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Minnesota Basketball: Transfers Not a Problem for Pitino & The Gophers

Our first data analysis of the off-season shows that Minnesota's transfer "problem" is over blown.

Thomas Joseph-USA TODAY Sports

Minnesota has been hit by a number of high profile transfers over the last few years. Tubby Smith and Richard Pitino have both seen multiple transfers of contributing players and high profile recruits. Some fans have expressed anxiety about the well-being of the program, and a few of those transfers has negatively affected Minnesota's APR. Consequently, it is worth asking whether Minnesota is an outlier when it comes to transfers.

To do so, I looked at every single transfer from 2012 to 2016. The rate for 2016 so I don't include it in the percentage and overall totals, but I would expect more transfers over the rest of the off season. All code and data for this project is available on Github for anyone who would like to play around with the analysis.

Data on transfers comes from a compilation at Instead of making future analysts scrape the data, I've just included it in the repository. I also made an assumption on the total number of scholarship athletes. In general, every basketball team in Division I has 13 scholarship athletes which is the maximum by NCAA rules. There are 351 NCAA Division I teams, so a simple multiplication gets the upper bound of scholarship athletes per year.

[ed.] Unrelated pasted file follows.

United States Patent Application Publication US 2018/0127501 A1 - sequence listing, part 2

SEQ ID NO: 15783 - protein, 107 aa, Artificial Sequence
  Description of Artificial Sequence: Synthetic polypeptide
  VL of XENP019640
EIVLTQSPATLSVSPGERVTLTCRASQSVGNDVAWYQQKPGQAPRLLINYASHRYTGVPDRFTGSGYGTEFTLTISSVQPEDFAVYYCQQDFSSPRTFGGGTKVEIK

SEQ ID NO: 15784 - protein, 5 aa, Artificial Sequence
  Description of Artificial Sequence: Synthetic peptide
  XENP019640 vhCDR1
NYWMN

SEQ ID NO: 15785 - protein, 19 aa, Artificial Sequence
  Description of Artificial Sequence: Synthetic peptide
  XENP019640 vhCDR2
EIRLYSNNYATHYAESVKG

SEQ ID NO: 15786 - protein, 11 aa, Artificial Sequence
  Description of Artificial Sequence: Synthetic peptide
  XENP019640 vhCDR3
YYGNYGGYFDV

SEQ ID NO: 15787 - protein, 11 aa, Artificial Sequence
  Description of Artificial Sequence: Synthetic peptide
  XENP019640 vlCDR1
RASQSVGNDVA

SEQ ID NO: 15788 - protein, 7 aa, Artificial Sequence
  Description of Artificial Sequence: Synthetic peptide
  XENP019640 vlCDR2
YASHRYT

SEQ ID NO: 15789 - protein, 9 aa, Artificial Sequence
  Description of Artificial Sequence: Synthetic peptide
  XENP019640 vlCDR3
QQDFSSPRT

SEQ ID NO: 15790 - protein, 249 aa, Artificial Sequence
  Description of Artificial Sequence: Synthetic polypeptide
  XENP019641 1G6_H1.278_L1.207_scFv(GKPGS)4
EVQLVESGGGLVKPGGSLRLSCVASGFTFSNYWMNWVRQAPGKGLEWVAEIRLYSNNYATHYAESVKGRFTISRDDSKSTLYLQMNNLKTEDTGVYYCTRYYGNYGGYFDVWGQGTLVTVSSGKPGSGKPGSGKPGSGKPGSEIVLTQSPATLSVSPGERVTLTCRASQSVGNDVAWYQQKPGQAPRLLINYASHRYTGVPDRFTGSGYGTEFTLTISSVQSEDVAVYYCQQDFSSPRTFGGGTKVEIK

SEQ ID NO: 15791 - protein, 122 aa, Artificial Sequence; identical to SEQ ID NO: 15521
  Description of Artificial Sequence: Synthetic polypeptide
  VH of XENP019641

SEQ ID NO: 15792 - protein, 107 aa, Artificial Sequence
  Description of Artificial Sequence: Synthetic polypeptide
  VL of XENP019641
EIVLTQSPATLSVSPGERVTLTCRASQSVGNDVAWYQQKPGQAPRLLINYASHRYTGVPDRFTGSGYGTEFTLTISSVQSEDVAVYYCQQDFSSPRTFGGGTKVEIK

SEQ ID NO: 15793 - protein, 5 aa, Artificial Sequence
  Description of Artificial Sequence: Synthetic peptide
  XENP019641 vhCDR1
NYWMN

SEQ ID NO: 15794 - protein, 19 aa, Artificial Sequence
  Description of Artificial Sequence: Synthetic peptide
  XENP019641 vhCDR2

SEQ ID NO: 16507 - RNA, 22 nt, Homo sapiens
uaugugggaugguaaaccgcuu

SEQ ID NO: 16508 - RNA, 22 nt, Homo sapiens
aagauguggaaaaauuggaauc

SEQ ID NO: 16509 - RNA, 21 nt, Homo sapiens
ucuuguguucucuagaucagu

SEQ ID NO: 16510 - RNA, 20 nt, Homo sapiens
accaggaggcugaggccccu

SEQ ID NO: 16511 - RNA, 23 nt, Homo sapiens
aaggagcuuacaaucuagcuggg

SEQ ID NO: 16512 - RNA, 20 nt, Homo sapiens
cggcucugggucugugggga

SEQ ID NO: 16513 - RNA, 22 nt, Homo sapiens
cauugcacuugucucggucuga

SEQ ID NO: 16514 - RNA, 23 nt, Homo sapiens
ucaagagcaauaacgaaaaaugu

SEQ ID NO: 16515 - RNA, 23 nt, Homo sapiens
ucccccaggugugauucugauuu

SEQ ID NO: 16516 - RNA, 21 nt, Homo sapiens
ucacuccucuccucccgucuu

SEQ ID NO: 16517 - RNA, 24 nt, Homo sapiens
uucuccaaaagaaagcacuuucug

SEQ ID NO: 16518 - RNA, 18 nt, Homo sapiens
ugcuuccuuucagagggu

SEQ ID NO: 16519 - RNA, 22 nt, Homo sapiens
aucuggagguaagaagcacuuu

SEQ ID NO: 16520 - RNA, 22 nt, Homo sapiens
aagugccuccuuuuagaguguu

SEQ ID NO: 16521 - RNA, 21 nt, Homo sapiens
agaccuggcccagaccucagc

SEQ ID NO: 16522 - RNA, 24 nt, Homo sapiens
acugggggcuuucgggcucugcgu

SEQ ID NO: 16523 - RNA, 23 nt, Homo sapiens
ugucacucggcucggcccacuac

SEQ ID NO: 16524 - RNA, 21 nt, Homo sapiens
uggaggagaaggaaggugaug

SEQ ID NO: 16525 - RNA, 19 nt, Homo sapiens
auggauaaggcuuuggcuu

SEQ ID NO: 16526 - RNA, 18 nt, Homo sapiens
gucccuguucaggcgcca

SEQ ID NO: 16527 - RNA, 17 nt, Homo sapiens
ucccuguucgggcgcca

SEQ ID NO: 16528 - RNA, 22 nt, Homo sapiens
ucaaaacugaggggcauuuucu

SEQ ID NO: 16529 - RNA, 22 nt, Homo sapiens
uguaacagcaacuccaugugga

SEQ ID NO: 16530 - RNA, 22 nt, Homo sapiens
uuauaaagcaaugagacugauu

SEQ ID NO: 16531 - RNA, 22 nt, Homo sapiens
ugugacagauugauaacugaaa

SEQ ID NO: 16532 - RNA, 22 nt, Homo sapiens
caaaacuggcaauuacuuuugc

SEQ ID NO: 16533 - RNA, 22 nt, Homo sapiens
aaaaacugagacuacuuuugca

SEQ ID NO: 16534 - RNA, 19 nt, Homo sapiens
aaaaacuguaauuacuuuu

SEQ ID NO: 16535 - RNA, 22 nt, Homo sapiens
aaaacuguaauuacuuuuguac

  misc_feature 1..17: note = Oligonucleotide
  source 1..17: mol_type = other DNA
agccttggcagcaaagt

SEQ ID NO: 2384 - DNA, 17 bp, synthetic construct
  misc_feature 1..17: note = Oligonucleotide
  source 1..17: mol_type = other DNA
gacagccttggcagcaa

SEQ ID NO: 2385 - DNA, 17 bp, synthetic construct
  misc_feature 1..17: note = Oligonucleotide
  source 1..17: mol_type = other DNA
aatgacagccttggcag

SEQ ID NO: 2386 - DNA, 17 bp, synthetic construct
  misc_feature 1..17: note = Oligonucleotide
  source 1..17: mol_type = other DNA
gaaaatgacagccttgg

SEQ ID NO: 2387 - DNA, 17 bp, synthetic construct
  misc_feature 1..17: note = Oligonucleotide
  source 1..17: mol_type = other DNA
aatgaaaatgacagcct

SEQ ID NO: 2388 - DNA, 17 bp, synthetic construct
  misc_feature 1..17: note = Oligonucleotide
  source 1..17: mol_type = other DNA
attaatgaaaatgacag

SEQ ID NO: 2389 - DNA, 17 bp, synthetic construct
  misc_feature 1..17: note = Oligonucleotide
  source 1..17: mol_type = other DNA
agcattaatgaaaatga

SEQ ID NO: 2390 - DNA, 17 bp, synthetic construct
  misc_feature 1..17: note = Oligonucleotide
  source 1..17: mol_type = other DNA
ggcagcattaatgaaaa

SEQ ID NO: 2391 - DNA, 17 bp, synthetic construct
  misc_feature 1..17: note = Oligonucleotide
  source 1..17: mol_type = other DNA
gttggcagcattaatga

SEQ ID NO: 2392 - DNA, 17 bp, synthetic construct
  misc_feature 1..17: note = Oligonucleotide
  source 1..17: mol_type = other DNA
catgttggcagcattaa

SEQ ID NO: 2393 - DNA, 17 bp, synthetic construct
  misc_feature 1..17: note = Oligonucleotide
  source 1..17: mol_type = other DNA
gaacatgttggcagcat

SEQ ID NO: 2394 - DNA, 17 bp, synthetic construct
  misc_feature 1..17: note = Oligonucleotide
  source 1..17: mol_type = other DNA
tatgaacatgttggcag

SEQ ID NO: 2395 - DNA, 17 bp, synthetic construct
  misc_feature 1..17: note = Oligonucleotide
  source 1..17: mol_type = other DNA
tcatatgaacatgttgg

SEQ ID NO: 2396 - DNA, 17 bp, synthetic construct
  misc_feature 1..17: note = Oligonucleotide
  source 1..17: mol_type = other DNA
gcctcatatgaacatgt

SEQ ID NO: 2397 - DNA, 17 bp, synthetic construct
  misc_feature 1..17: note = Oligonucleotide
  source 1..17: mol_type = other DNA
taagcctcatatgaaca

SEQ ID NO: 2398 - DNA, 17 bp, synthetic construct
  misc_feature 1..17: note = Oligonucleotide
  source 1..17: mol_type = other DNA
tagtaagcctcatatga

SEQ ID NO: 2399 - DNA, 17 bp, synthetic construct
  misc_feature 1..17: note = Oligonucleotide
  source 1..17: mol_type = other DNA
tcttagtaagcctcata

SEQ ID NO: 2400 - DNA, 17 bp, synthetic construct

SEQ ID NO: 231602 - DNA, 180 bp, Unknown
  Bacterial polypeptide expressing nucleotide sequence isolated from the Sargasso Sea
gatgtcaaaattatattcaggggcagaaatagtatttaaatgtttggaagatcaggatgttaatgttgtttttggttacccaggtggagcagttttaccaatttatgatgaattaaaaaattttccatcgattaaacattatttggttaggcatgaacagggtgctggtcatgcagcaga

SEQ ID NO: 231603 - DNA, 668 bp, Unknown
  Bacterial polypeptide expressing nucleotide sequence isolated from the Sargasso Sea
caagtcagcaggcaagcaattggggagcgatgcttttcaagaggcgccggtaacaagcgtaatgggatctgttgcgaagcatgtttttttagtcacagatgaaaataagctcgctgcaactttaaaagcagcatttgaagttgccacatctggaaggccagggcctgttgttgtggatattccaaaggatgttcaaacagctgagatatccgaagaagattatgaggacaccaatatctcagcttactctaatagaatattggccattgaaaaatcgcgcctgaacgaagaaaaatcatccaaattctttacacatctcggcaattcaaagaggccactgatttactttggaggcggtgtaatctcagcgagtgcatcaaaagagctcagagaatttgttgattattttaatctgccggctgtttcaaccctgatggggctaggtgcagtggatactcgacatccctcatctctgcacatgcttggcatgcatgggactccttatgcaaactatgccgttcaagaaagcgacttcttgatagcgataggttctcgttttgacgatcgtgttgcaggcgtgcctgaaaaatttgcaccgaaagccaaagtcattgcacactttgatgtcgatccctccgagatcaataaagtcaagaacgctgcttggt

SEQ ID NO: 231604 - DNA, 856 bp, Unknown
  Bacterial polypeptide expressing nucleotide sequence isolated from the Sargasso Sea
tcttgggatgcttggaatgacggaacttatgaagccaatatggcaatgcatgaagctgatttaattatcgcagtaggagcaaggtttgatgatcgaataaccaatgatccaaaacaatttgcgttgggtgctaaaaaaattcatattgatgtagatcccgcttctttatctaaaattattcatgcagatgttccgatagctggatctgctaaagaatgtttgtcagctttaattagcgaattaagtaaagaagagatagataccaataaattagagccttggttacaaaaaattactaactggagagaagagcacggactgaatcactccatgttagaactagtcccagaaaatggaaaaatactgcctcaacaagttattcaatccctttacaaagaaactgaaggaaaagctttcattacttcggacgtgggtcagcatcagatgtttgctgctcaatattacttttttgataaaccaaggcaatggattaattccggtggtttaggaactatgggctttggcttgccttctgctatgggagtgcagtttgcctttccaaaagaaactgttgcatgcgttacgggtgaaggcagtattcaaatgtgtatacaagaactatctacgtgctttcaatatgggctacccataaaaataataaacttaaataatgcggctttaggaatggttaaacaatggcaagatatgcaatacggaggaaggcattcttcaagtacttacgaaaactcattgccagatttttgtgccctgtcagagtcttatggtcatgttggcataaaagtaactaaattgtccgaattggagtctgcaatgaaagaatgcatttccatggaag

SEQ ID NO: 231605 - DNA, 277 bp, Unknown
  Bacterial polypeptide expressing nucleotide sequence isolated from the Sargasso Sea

Transfer Percentage by Year

Year Transfer Percentage
2012 13%
2013 15%
2014 17%
2015 18%

There is an increasing trend in transfers over the last five years. 2016 is not shown because of a lack of complete data.

Total Transfers from P5 Conference

Year Total Transfers
SEC 148

The next table shows the total number of transfers by Power 5 Conference. The SEC has the most transfers and the BIG second most transfers from 2012-2015. I want to include these numbers to show that there are a lot of transfers every year.

How many transfers occur in the Big Ten? The next chart shows every single Big Ten team's total transfers.

Hey, Rutgers won something!

As far as Minnesota is concerned, the Gophers are in an enviable position with regards to transfers. Rutgers has a transfer rate three times as high as Minnesota, and six times as high as Wisconsin.

The Gophers are not only in the bottom third of the conference, but also all Power 5 schools. Very few schools have had no transfers over the same time period. Moreover, transfers are not necessarily a predictor of failure. Among the top 10 Power 5 teams for total transfers are Louisville, Iowa State, Oregon, and Utah.

This is not to say that transfers are excellent, but in general high star players do not transfer. The following table shows the star rankings out of high school of recruits who transferred from a Power 5 school.

Transfer Star Ranking Total Transfers
2 Star 289
3 Star 190
4 Star 102
5 Star 4

As can be seen by the table, the vast majority of transfers are 2 and 3 star recruits. Indeed, almost half of all Power 5 transfers were 2 star level recruits out of high school. The majority of 4 Star and above players move to another Power 5 school, so I wouldn't be surprised if Kevin Dorsey returned to a school in the ACC.